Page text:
Friday, March 28, 2014

Minor Moves: Sipp, Schuster, Moore, Francoeur
On Monday, the San Diego Padres informed several players (including Patrick Schuster, Tony Sipp, and Ryan Jackson) that they would not make the major league team and announced several corresponding transactions. The team waived Rule V pick Patrick Schuster, acquired catcher Adam Moore for cash considerations or a player to be named later from the Royals, and signed outfielder Jeff Francoeur to a minor league contract.

These moves do have some interesting effects on the dynamics of the team:
  • Tony Sipp did not opt out of his contract after being informed that he would not make the team, but he could still leave if he finds himself with an opportunity to join a major league bullpen or if he chooses to leave on June 1st.
  • Patrick Schuster was claimed off waivers by the Royals, who proceeded to return him to Arizona. The move was designed to create a reason to designate outfielder Carlos Peguero for assignment and try to sneak him through waivers after major league rosters are set.
  • The addition of Adam Moore provides depth at catcher in two scenarios:
    • Rene Rivera does not make the team and is waived and claimed.
    • Rene Rivera makes the team, and is not the catcher at El Paso.
      • This could be if the team carries three catchers or if the team places Yasmani Grandal on the disabled list to start the season.
  • Jeff "Frenchy" Francoeur, a minor league signing, carries minimal risk. The 30-year old hit just .204 with three home runs in 245 at bats last season, but he has a plus plus arm and a career .264/.306/.419 line while averaging 18 home runs over every 162 games. He will provide valuable depth in the minor leagues, and with Carlos Quentin's spotty injury history, we could see him in San Diego at some point this season.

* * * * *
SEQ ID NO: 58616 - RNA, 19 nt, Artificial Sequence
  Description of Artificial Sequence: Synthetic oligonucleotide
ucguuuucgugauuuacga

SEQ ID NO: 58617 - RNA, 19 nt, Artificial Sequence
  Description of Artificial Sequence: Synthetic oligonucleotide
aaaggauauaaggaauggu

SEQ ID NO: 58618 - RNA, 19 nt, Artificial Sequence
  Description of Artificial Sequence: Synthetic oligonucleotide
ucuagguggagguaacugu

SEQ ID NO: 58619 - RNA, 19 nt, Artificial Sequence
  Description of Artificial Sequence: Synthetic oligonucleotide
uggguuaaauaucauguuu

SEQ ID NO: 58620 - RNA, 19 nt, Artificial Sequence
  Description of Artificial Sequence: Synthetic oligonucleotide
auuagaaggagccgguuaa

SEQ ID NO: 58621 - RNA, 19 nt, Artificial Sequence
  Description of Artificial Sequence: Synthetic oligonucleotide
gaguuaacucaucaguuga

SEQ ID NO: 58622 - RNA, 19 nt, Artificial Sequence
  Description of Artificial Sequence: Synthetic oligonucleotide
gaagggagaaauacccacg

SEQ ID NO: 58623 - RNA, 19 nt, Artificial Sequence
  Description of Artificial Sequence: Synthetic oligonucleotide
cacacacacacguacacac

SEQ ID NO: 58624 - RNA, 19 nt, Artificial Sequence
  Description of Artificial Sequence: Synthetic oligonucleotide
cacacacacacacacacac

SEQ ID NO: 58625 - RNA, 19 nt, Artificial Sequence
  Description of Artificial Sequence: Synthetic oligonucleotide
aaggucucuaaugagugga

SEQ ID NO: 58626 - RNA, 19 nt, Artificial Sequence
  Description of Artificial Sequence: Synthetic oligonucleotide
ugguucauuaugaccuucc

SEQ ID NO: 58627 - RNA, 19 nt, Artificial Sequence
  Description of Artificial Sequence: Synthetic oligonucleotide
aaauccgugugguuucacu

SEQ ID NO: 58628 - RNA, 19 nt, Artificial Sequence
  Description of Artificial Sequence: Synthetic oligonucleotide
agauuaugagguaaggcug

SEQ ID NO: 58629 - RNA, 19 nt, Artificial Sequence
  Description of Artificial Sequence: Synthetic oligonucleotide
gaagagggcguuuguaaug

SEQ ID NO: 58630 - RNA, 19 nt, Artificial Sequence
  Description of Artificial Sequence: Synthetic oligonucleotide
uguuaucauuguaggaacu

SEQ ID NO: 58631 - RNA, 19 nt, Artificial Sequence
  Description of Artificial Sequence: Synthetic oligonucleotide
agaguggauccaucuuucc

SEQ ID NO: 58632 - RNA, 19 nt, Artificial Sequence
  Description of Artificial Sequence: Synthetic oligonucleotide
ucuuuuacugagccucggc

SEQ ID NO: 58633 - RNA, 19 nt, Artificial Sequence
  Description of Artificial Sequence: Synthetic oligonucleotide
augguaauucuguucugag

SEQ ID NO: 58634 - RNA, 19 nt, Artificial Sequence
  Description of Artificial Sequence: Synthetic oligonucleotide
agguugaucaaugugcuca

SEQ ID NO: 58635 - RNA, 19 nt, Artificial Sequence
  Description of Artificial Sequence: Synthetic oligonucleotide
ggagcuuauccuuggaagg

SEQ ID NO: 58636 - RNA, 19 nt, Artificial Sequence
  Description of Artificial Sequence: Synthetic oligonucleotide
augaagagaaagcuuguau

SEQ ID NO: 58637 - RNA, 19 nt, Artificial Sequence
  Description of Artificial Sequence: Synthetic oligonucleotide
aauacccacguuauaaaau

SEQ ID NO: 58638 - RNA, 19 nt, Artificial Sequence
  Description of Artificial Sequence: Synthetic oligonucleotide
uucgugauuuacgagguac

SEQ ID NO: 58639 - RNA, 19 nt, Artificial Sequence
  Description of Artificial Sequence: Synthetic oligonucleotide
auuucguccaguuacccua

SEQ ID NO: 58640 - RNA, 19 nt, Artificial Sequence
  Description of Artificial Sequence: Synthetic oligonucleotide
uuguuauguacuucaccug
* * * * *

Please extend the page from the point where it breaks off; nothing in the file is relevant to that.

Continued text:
Saturday, March 8, 2014

Spring Training Battle: Left-Handed Specialist

The San Diego Padres have position battles raging this spring, but one of the most interesting is the bullpen slot for a second left-handed reliever after new acquisition Alex Torres. The top candidates are minor league signing Tony Sipp and offseason acquisition Patrick Schuster (who I had the pleasure of interviewing), but veteran Eric Stults is also a dark horse candidate for the job.
Patrick Schuster

Patrick Schuster, 23, has a 3.00 ERA in three innings of spring play, but he has also allowed six hits and only struck out one in that time. While playing in the California League (A+) last season, he posted a 1.83 ERA in 45 innings as a reliever. The young southpaw was drafted first overall in the Rule V draft and traded to San Diego in exchange for right-handed pitcher Anthony Bass. His Rule V status gives him a slight advantage over Sipp. If Schuster wins the job, it will allow San Diego to keep both Sipp and Schuster, while they would lose Schuster (he would have to be offered back to the Diamondbacks) if Sipp won the job.
Tony Sipp
Tony Sipp, 30, has a career 3.84 ERA in five seasons with the Diamondbacks and Indians. Sipp signed a minor league deal with two opt out clauses (March 26th and June 1st) and an invitation to spring training late this offseason. At one point (prior to the signing) it occurred to me that Sipp could be a fit for San Diego, but I changed my mind after viewing his splits:

vs RHB
vs LHB

Sipp has only been marginally better against left-handed hitters than against right handed hitters. Sipp may have had the better spring training so far (four innings and no earned runs) but he still has proven to be a slightly below average bullpen arm in his career, while Schuster has potential to be an above average left-handed specialist. 

Another interesting scenario would be if Burch Smith won the fifth spot in the rotation. In that situation, Eric Stults (who is out of options) would be displaced and possibly compete for a spot in the bullpen. San Diego seems to value Stults highly, and he would be an intriguing addition to a bullpen battle that is already very competitive. Stults would provide Bud Black with another option (Tim Stauffer) out of the bullpen for long relief in the case of a meltdown or injury.